There is, I think, one thing that unifies nearly every species on Earth, a single constant that goes beyond similarities in DNA, genomes, cells or evolution. A “universal” tie-in which, even if you could genetically engineer and build from scratch an entirely new creation unbeholdened to any previous creature, rules every single body, great and small. Simply, we are all children of and are ruled by a planet with a 24 hour axis rotation.

This continuous cycle of light and dark creates the circadian rhythm that drives at the very core of our existence, mandating our waking and sleeping, whether human, insect, tree or bacteria. We live and die on the phases of our great home-world, and it takes thousands of years of isolation and/or specific adaption to overcome that basic, simple, biological drive. As humans, we often think that we have subjugated the world around us, but it’s abundantly clear to anyone who’s ever traveled long distances by plane (or even worked in a split-shift job) and suffered a “jetlag” effect, that we are still, quite obviously, slaves to our primal, internal clocks.

Despite our seeming dependence on it, we are still very much “in the dark” about how our circadian clock works. We know, for instance, that the clock is a function of the Suprachiasmatic nucleus (SCN), a small, rice-sized node in the hypothalamus that uses highly specialized retinal ganglion cells to detect light patterns, signaling genes such as Clock (Clk) and Period (Per) in the SCN to begin the oscillation of our internal clocks and maintain the speed of the oscillations over the next 24 hours. We know that there is an auto-regulatory feedback loop that prevents obtuse or episodic entrainment from occurring. But the way in which that regulation works hasn’t been as well understood...until just recently when a group out of Oxford led by Russell Foster and Stuart Peirson took an in depth look at the genes involved in the SCN feedback mechanism.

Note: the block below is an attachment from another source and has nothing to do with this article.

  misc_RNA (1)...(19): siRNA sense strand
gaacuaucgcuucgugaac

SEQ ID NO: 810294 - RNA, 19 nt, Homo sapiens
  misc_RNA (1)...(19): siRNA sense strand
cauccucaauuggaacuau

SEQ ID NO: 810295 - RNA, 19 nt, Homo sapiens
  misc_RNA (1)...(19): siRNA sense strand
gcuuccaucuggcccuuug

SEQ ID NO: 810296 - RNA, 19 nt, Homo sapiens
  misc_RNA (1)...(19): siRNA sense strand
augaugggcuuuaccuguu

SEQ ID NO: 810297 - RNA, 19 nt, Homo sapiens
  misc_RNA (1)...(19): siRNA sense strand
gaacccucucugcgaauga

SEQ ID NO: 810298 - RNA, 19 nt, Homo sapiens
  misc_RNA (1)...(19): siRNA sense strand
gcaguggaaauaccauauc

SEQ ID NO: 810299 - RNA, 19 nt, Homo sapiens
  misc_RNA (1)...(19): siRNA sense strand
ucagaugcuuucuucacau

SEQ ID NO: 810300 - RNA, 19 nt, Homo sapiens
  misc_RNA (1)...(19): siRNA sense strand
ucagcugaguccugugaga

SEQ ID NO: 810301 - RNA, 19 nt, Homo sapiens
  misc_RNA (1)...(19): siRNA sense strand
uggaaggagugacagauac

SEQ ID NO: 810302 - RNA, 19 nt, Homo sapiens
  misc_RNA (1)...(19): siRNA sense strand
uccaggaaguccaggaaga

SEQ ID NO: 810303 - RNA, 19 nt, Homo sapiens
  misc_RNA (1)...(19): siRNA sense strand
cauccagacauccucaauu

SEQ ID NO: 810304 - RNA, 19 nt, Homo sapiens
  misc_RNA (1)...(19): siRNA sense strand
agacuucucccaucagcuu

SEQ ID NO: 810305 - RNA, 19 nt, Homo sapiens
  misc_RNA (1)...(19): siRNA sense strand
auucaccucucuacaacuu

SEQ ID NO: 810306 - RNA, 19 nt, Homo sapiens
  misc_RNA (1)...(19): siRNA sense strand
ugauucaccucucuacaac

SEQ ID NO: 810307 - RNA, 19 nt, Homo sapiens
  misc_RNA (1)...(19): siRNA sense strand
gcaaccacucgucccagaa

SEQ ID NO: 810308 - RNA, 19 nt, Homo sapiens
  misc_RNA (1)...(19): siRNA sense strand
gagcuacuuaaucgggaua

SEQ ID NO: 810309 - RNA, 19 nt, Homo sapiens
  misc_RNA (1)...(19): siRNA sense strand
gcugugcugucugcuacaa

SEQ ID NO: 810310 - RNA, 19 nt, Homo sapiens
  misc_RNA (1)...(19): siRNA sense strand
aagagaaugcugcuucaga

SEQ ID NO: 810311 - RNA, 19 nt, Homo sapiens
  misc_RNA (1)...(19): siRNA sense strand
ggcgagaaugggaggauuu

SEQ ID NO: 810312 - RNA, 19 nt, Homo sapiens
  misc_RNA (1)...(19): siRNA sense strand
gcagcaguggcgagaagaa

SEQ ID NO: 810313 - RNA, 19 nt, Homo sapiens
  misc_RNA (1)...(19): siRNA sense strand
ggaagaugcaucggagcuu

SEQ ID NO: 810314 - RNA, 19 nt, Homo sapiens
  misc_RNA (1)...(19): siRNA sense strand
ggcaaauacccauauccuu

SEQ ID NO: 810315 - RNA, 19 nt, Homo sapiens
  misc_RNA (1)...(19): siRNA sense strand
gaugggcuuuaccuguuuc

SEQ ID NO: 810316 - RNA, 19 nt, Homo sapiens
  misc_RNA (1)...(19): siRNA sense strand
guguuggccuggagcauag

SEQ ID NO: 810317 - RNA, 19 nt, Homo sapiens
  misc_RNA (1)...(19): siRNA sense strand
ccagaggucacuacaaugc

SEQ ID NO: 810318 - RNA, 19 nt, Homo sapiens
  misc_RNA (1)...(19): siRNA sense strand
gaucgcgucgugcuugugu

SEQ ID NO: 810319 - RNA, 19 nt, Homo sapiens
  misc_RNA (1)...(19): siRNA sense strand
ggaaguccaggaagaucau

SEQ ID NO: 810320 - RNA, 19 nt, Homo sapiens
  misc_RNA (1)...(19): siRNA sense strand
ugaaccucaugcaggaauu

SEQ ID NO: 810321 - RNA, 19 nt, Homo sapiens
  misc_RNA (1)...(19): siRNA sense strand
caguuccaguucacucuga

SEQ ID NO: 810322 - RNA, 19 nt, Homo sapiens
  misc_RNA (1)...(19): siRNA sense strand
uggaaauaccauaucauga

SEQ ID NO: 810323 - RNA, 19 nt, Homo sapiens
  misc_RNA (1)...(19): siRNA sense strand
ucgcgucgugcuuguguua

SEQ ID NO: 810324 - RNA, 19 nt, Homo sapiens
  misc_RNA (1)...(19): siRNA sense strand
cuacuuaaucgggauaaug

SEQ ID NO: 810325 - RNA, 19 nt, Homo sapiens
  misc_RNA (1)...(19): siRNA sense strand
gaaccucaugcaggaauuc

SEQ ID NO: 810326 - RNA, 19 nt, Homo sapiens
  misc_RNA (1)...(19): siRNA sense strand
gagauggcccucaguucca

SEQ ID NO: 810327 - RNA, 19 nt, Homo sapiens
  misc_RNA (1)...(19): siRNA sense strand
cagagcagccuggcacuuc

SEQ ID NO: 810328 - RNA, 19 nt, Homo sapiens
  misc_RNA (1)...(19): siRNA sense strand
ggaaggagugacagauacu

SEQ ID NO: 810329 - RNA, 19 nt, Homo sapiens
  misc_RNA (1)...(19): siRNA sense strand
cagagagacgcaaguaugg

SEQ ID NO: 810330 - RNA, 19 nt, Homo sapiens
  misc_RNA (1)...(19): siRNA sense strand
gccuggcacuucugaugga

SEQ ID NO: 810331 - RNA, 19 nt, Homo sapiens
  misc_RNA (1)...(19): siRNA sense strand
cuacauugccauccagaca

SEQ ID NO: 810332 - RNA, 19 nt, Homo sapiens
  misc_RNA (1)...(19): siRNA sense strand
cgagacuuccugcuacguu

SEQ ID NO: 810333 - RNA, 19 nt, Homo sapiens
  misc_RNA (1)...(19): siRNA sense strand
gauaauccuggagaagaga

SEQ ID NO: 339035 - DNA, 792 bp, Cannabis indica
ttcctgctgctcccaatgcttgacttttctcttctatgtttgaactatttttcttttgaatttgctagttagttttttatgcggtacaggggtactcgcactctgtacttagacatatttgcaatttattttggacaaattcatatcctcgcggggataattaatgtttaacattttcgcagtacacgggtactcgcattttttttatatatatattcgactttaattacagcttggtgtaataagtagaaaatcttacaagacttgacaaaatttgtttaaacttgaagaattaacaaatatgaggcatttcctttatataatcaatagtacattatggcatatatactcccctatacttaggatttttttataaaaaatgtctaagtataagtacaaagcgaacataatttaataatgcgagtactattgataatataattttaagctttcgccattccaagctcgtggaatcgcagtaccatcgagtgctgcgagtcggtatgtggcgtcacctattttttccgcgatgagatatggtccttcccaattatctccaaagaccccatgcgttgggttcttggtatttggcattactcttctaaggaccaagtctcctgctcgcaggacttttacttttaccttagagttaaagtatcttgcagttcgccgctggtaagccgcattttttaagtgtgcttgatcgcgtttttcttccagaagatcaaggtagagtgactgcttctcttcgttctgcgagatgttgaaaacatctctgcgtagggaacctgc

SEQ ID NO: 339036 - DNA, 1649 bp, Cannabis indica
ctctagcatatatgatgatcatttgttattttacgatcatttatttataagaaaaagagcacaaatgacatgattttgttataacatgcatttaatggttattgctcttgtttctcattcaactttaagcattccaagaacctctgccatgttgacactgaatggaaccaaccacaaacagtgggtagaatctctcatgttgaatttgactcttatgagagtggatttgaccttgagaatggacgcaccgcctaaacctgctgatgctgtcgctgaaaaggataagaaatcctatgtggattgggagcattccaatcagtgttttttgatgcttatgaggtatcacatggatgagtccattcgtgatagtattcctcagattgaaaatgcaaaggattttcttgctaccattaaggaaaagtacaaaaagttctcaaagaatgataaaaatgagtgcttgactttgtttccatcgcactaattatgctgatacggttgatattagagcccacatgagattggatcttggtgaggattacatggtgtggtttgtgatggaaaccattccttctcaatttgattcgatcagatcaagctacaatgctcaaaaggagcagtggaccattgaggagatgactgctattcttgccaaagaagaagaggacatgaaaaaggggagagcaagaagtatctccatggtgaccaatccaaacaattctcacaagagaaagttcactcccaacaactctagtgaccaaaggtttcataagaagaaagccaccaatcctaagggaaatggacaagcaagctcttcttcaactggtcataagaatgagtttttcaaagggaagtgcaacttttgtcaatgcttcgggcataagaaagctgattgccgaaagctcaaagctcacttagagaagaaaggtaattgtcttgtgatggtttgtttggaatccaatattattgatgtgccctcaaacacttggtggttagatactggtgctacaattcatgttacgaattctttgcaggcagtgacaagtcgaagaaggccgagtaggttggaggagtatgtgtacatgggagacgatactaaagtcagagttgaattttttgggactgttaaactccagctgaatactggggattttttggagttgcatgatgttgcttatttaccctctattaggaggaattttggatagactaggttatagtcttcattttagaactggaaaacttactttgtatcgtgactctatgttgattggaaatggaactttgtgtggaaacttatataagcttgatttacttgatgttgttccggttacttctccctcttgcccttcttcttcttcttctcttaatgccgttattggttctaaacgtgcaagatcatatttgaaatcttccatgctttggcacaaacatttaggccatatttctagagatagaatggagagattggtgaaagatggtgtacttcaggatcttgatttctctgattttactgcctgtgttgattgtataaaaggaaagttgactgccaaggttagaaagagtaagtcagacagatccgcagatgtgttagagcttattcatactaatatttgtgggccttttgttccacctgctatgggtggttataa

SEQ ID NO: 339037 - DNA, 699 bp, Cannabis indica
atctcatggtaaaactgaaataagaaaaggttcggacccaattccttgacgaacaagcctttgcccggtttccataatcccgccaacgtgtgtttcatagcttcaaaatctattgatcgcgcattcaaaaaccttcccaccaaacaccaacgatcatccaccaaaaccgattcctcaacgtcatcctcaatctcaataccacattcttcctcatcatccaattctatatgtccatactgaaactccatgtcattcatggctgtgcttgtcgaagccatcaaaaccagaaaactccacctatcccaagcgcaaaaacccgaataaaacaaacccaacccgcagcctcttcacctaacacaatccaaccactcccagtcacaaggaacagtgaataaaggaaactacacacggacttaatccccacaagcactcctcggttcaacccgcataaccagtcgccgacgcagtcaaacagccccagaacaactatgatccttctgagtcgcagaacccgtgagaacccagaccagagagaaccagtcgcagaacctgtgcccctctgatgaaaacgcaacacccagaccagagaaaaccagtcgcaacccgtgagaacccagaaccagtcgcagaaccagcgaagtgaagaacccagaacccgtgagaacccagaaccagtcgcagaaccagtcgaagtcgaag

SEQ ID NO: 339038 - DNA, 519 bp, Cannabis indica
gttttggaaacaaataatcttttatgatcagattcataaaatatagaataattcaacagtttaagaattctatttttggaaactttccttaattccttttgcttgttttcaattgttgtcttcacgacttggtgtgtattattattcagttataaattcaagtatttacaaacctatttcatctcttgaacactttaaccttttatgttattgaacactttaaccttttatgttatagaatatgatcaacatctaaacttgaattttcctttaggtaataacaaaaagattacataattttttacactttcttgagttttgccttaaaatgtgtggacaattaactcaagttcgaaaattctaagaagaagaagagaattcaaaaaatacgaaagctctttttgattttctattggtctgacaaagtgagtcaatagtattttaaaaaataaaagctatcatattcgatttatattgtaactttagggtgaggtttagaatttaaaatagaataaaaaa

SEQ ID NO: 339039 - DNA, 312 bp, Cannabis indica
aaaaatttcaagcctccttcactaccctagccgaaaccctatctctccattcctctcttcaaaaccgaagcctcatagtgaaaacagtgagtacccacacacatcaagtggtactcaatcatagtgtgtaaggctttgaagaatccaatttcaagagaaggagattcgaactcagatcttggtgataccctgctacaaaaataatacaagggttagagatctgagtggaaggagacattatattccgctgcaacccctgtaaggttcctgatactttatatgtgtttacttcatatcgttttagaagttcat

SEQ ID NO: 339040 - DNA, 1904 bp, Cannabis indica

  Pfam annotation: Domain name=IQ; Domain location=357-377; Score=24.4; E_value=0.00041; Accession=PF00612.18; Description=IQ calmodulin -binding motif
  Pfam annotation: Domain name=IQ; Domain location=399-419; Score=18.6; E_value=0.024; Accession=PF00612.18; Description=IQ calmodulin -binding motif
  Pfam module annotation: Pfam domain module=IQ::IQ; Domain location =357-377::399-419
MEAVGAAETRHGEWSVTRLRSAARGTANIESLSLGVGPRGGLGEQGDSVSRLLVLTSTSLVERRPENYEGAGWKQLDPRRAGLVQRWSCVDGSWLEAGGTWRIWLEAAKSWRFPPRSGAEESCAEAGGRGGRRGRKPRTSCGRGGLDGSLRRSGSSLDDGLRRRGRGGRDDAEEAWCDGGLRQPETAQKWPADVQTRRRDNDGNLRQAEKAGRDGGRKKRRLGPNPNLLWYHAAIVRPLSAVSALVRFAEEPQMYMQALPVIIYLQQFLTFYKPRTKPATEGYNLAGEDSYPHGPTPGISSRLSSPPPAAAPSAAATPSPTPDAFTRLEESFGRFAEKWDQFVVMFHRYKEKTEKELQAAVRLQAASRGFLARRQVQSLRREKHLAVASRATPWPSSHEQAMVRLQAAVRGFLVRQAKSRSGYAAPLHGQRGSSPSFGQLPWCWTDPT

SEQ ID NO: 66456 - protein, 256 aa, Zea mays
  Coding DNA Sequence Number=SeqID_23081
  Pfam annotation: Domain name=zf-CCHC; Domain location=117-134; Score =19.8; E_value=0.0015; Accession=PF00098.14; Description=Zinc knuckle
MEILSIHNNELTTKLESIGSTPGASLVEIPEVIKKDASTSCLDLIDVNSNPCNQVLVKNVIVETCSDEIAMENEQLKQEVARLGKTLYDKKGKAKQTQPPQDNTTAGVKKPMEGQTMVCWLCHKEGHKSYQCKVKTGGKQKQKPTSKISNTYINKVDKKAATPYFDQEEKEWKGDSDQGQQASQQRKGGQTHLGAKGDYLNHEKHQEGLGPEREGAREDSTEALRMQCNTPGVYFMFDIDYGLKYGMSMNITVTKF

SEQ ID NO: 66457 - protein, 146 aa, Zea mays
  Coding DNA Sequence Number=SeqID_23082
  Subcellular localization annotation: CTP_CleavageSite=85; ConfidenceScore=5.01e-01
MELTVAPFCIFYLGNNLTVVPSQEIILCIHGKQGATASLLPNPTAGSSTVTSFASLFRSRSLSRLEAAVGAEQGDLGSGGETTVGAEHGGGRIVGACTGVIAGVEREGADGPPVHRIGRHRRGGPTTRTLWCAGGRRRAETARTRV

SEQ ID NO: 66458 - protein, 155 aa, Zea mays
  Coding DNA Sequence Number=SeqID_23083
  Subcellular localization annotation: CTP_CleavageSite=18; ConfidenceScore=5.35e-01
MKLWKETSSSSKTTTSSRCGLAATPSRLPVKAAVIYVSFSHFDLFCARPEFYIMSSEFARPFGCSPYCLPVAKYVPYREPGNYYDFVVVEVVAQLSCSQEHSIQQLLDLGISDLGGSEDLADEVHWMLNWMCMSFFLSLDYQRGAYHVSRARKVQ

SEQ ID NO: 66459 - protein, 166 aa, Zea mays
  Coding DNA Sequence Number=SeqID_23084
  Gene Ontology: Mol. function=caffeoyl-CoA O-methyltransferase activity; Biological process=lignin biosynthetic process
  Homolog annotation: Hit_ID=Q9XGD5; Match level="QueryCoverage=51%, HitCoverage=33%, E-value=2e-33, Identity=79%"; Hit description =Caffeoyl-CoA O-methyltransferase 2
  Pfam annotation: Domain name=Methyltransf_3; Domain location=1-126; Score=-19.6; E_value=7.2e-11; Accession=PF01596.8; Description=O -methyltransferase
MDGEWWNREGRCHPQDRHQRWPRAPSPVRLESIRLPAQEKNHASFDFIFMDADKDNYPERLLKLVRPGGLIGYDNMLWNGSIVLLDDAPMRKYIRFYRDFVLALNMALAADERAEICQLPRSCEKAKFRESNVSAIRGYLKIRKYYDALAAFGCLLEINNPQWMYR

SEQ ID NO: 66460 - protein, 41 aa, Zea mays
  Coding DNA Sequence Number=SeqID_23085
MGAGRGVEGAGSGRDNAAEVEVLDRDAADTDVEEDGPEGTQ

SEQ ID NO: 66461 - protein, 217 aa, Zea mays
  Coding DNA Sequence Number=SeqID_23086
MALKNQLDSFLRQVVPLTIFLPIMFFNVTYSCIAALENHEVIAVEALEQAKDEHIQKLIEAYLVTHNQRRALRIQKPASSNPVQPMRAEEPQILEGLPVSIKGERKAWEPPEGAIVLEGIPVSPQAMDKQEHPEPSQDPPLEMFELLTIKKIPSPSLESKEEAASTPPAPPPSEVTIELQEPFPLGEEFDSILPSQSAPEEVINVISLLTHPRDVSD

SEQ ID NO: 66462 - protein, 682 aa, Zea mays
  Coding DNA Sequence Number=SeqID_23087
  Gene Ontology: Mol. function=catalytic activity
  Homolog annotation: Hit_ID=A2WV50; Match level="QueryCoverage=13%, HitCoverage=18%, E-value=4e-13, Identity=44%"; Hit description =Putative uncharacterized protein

There is a real impetus to understand the way these genes process the external cues and self-regulate to govern our lives, and not just for jet-setting, world tourists, but also for the many people who suffer from circadian rhythm deficiencies. Foster and Peirson’s worked at the Per1 and Sik1 genes and how they affect CREB-mediated clock gene expression and that CRTC1 acts as a coactivator of the CREB transcription of those genes. They were able to show that knockdown of the Sik1 gene, both in vitro (with the smart use of Gold Bio Luciferin) and in vivo, enhanced the behavioral phase shifts and retrainment to new light-dark cycles by allowing the CRTC-continued transcription of Per1!

The role of the SIK1 negative-feedback mechanism is important to prevent our bodies from constantly readjusting to every minor change of stimuli that we’re faced with every day. Imagine if that streetlamp outside your window was suddenly able to change your body’s circadian clock to an opposite light-dark cycle or if, in the process of getting up in the middle of the night for a drink, the refrigerator light suddenly informed your body that it was morning and that you should stay awake? There is a definite need for the primary clock that we live by to keep itself in check, despite thousands of stimuli every day. That’s what the SIK1-CRTC pathway does…the proverbial time-keeping engineer on the train of life, keeping the system on time.

However there are always times when the clock goes haywire and needs a reboot. Currently, we don’t have one. But research into these mechanics and results like that of Foster and Peirson’s will someday make that a reality. And I can just about imagine the end to jetlag as we know it…but until then, I’ll just have to take a nap.

Jagannath, A., Butler, R., Godinho, S. I., Couch, Y., Brown, L. A., Vasudevan, S. R., Flanagan,K., Anthony, D., Churchill, G., Wood, M., Steiner, G, Ebeling, M., Hossbach, M., Wettstein, J., Duffield, G., Gatti, S., Hankins, M., Foster, R. & Peirson, S. (2013). The CRTC1-SIK1 Pathway Regulates Entrainment of the Circadian Clock. Cell, 154(5), 1100-1111.

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